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Flat Panel Arrays Aid Radiotherapy, Diagnostic Imaging

Photonics Spectra
Mar 1998
Kathleen G. Tatterson

When administering radiation therapy to cancer patients, doctors must be able to monitor the amount of radiation going to the tumor as well as to the surrounding tissue. Physicians at the University of Michigan Medical Center use imagers incorporating flat panel amorphous silicon sensor arrays from dpiX, a Xerox New Enterprise Company, for accurate radiotherapy and diagnostic imaging in real time.

Cancer patients who are not candidates for surgery or chemotherapy undergo radiation therapy to kill their malignant lesions. Doctors direct very high energy x-ray beams at tumors from different directions. "It's hard to know whether the radiation has gotten all of the tumor from each direction," said Larry E. Antonuk, a physicist in the center's radiation oncology department.

Amorphous-silicon technology allows dpiX's flat panel image sensor arrays to produce clear, digital x-ray images in real time inexpensively.

Traditional film imaging of a tumor takes too long for the doctor to react to, and other electronic means yield poor-quality images. Also, because film is not digital, doctors cannot share information in real time. "All modalities in radiology are digital except film," said Jean-Pierre J. Georges of dpiX.

Truly lightweight

X-ray image intensifiers can be accurate but are very bulky and expensive. The average x-ray intensifier weighs around 300 pounds and can cost between $15,000 and $100,000, depending on the integration. For some applications, devices incorporating dpiX's flat panel arrays can weigh as little as 10 to 20 pounds.

Active-matrix flat panel imagers employ thin-film transistors to read out the charge acquired by each pixel in the array, which makes each pixel addressable. A phosphor screen converts x-rays into light that the photodiodes detect in a process known as indirect conversion.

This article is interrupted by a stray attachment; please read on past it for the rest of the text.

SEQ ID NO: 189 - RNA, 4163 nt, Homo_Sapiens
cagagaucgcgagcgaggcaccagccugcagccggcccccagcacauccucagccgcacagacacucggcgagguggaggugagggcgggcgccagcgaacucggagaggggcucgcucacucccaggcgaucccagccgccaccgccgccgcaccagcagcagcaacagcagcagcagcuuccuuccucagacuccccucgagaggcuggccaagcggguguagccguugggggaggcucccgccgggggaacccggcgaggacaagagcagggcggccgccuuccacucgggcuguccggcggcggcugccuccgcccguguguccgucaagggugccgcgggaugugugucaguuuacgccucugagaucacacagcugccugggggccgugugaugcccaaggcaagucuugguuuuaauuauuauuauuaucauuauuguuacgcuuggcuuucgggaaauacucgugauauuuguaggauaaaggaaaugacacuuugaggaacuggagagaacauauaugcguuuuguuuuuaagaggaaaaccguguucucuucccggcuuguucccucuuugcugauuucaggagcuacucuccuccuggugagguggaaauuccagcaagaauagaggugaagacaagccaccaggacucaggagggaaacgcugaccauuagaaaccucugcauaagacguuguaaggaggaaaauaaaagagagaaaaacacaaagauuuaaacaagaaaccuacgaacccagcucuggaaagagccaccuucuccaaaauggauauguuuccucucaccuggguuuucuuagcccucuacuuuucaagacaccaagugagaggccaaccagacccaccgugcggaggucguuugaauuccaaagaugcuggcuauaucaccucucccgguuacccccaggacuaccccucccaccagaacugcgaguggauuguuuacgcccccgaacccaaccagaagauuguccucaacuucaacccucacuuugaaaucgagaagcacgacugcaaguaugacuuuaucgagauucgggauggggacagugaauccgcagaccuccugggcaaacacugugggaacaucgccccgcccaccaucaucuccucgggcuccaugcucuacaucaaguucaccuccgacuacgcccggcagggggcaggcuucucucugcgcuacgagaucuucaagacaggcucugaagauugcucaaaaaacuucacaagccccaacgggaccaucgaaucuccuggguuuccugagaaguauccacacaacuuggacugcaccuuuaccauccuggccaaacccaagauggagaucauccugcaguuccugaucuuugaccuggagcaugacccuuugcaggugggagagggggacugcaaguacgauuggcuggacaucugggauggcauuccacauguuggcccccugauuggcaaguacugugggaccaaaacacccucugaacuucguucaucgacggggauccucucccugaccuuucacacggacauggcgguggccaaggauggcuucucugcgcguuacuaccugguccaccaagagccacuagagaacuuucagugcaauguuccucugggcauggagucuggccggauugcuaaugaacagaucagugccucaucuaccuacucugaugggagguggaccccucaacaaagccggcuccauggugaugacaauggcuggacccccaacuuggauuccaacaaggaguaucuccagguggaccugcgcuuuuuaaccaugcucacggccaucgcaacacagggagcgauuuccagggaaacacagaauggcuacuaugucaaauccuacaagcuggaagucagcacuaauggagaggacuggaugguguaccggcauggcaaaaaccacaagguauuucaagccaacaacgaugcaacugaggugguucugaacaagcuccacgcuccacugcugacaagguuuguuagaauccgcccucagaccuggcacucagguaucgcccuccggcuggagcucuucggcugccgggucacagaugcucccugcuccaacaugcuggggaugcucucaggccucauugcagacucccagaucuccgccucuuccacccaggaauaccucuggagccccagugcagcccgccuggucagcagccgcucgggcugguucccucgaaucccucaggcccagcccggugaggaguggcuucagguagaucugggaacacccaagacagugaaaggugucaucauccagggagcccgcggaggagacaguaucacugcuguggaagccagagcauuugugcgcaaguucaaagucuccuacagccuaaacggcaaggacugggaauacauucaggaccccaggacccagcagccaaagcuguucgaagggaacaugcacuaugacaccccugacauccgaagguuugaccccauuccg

Antonuk also sees advantages to using the flat panel imagers for diagnostic imaging. Traditional means of diagnostic imaging, fluoroscopy and radiography, are not digital and therefore cannot be shared electronically in real time. Use of active-matrix flat panel imagers can create digital information that not only can be shared, but is of very high image quality, eliminating image degradation defects and geometric distortions inherent to film. "The problems associated with film disappear with the flat panel imagers," he said.

Down the road

He envisions the technology to be even more useful in radiation imaging down the road. "Clinics will be able to use the technology as a tool to make cancer treatment more accurate, to maximize the tumor dose and minimize the dose to surrounding tissue in real time," Antonuk said.

DpiX acts as an OEM for companies that build imaging systems for medical and nondestructive testing applications. The company also has developed the FlashScan 20 image sensor, using a 20 3 25-cm, 127-µm- pixel array, calling it "a compilation of what makes sense on the market to meet the broadest possible requirements." It plans to release the FlashScan 30, based on a 30- to 40-cm array, by the end of March for clinical radiography applications.

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